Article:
I once saw you guys in Santa Rosa at the fairgrounds one cold wintry night. The New Riders played first, then the Dead. My fingers were numb and I didn't know how you could play, but you managed. What I remember most was the 2nd set. You guys used the echo off the back of the quonset hut type building as part of the music. I swear that Billy only played half the drum notes, letting the echo provide the other half. The sound would go from one end of the building to the other. You guys used a tape delay also and really messed with our minds. Nobody could dance as the beat was everywhere- true audio hallucinations. The girls who always swirled around at the concerts had to sit down. Some people freaked as a lot of them were pretty high- myself included. I remember that you danced a little jig at the height of it, obviously enjoying every minute of it, grinning at Phil. That night cemented my love for the band. You guys were awesome- I mean I was in awe.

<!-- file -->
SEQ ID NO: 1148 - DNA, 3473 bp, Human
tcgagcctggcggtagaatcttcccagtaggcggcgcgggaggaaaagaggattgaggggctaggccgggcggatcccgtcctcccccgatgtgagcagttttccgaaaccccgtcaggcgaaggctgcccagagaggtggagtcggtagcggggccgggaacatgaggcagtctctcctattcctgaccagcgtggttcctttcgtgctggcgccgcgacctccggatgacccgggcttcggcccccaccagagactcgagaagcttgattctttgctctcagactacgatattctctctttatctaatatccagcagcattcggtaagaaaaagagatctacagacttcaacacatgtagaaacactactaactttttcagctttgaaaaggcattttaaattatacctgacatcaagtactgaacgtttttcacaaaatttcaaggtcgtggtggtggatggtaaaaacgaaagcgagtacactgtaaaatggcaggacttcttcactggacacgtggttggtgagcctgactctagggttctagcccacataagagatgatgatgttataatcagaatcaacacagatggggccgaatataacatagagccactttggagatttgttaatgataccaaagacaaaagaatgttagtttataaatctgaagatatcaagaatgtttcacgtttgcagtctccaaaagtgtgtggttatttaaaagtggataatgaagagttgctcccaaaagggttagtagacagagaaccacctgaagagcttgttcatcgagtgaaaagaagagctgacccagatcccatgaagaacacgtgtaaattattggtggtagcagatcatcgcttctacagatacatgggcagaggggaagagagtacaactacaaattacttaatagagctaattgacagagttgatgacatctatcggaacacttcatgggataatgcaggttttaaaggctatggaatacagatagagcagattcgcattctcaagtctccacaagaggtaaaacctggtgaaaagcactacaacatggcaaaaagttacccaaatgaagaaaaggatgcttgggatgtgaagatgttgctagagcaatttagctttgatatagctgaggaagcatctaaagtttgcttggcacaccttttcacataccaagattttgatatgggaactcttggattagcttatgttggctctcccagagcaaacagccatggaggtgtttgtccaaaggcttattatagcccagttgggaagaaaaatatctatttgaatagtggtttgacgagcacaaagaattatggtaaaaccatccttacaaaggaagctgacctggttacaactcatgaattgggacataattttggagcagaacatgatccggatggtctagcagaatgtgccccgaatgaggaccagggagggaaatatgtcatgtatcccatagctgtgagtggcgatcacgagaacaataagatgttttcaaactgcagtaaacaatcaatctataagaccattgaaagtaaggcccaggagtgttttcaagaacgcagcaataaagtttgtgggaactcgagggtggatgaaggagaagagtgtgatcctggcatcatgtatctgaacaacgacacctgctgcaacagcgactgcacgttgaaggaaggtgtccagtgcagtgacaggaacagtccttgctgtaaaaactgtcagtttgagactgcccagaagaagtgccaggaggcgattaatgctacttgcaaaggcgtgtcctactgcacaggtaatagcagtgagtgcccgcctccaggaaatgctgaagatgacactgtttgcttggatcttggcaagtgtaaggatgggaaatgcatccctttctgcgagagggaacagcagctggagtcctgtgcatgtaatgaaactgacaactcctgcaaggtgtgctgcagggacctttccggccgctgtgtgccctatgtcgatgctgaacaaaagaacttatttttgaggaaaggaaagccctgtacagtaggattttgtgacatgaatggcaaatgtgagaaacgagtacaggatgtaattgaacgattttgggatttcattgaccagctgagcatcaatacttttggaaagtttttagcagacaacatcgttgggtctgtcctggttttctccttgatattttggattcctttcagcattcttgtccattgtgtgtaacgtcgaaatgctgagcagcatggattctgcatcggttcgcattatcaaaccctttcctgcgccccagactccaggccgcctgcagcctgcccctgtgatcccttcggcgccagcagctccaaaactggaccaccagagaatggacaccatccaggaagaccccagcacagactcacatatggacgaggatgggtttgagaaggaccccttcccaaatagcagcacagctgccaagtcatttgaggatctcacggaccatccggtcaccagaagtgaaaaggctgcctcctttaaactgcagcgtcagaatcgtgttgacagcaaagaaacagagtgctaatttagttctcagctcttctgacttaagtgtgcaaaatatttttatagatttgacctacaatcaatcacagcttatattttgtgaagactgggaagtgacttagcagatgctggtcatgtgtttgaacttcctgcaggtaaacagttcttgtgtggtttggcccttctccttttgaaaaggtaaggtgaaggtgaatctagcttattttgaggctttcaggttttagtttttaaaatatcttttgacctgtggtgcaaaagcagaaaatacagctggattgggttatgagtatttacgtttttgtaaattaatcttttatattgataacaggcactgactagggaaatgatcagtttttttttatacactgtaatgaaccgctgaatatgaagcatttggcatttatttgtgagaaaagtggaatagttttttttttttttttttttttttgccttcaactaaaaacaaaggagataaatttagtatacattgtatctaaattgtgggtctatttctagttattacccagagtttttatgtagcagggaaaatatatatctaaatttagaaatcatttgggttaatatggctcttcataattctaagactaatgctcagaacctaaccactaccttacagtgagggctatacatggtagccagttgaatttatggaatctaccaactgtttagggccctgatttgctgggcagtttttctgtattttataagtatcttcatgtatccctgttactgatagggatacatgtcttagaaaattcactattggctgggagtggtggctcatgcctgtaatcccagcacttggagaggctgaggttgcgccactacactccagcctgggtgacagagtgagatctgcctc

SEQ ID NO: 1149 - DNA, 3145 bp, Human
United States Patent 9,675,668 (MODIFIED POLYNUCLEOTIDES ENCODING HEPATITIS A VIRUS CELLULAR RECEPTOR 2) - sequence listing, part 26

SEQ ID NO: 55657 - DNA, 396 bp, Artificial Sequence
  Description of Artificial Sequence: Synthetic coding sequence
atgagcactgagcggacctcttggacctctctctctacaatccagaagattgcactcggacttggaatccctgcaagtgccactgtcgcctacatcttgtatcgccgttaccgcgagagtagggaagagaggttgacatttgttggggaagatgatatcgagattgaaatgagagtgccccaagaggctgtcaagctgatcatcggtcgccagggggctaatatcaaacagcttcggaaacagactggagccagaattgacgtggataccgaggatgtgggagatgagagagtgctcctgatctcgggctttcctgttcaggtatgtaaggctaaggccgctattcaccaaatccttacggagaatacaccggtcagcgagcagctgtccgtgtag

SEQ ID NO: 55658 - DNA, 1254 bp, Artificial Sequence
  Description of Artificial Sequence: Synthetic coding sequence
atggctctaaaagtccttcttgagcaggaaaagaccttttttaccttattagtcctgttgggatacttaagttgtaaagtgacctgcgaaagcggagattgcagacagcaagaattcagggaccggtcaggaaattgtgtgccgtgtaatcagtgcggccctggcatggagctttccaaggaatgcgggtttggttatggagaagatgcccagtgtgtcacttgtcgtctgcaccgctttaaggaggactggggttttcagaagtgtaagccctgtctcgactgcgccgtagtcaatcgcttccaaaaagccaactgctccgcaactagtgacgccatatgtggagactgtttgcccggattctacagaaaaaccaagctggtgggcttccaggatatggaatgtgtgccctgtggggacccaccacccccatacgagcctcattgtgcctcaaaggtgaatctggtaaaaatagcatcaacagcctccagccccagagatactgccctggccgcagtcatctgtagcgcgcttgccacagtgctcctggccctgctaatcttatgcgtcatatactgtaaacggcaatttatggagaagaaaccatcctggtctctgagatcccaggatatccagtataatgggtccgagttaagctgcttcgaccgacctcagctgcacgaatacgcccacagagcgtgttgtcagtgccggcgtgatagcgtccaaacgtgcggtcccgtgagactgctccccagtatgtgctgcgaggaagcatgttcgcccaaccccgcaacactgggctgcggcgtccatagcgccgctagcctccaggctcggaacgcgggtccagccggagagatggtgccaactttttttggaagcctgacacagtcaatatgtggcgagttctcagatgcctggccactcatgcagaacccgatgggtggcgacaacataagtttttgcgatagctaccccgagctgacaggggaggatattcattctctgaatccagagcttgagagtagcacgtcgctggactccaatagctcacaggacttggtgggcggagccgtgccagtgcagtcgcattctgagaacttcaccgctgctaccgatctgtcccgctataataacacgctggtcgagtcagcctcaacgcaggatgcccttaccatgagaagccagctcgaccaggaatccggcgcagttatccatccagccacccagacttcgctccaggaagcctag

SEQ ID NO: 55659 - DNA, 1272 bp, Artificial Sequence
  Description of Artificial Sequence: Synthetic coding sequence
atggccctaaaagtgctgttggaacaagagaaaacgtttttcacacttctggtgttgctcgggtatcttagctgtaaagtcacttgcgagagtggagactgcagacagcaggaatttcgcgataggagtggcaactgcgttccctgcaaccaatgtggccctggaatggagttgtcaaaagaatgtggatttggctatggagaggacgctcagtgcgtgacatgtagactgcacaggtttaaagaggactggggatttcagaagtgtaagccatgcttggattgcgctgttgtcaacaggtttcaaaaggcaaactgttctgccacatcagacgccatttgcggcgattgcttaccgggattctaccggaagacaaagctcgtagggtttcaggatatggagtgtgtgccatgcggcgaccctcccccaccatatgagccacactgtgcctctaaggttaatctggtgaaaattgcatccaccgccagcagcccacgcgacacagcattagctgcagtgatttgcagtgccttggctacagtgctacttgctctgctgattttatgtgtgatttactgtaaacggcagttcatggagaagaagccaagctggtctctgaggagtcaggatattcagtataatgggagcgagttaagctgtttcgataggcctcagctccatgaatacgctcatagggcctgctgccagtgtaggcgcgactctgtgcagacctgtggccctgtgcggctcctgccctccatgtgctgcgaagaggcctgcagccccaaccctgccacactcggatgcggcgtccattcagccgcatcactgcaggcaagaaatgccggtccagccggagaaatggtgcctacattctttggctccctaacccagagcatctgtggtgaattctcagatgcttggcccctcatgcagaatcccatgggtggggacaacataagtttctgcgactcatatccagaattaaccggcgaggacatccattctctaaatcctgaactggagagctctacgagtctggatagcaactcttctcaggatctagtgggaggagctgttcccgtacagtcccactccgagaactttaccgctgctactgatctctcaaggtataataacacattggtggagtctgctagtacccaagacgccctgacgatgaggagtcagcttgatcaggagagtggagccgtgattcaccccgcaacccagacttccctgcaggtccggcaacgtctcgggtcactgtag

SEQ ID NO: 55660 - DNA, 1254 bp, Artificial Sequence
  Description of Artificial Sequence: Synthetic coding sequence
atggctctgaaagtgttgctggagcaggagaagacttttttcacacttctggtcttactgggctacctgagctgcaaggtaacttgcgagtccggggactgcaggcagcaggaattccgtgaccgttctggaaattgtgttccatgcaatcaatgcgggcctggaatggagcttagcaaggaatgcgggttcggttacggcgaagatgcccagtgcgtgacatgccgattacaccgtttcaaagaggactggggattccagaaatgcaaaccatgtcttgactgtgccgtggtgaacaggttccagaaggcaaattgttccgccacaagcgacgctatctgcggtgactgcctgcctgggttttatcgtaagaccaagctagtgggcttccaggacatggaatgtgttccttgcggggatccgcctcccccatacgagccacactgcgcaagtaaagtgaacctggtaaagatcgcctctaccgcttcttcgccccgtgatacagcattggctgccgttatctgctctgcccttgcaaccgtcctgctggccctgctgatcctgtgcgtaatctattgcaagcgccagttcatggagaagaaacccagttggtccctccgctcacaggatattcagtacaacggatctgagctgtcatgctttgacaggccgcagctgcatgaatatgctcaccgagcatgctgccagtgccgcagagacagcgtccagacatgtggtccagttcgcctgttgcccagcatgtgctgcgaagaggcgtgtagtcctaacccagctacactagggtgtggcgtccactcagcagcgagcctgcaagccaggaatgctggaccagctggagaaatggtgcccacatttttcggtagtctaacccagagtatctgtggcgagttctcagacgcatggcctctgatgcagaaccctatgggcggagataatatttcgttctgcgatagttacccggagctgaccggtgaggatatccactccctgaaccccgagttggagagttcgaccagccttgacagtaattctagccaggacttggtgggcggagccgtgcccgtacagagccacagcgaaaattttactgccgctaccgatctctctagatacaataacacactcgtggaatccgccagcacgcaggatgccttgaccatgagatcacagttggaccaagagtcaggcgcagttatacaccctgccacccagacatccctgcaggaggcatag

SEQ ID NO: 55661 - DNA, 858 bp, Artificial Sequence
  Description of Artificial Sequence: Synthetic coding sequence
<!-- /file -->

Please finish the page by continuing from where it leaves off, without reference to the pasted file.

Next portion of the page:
I can't write down everything that's in my heart Jerry. A light has gone out of my life. I haven't been to a concert in 20 years or so. I'm married, working, raising children but I've never not been a devotee. I guess I'm a Deadhead although the purists would probably deny me membership since I haven't participated for so long. I don't really care. It felt good knowing that you and the band were out there. I had to tell you finally how I feel even though it's too late and to say good-bye. You touched my soul in a profound way Jerry and I'm going to miss you terribly. Death truly don't have no mercy! Good-bye my friend and thank you.

Deborah Koons Garcia's words]

From: John R Bean <[j--e--n] at []>
Date: Mon, 14 Aug 1995 04:56:21 GMT
Organization: North Bay Network, Inc. news server - not responsible for content

Deborah Koons Garcia (Jerry's wife): "...He dies in his sleep with a smile on his face. He was working hard to purify himself, and we thought it was going to be for a good long life but it was for another journey. And he loved his life. He loved all of you. And what I learned from Jerry was to open my heart and live fully in the moment…"

Jerry was There (poem)

From: patrick j cunniff <[p--nn--f] at []>
Date: 15 Aug 1995 19:22:49 GMT

It's been six days and this is the third time I've broken so I decided it might be thereputic to write a poem, it's real personal so if you tire and can't read it I understand.

  • mean, young punk I was, acne and bad teeth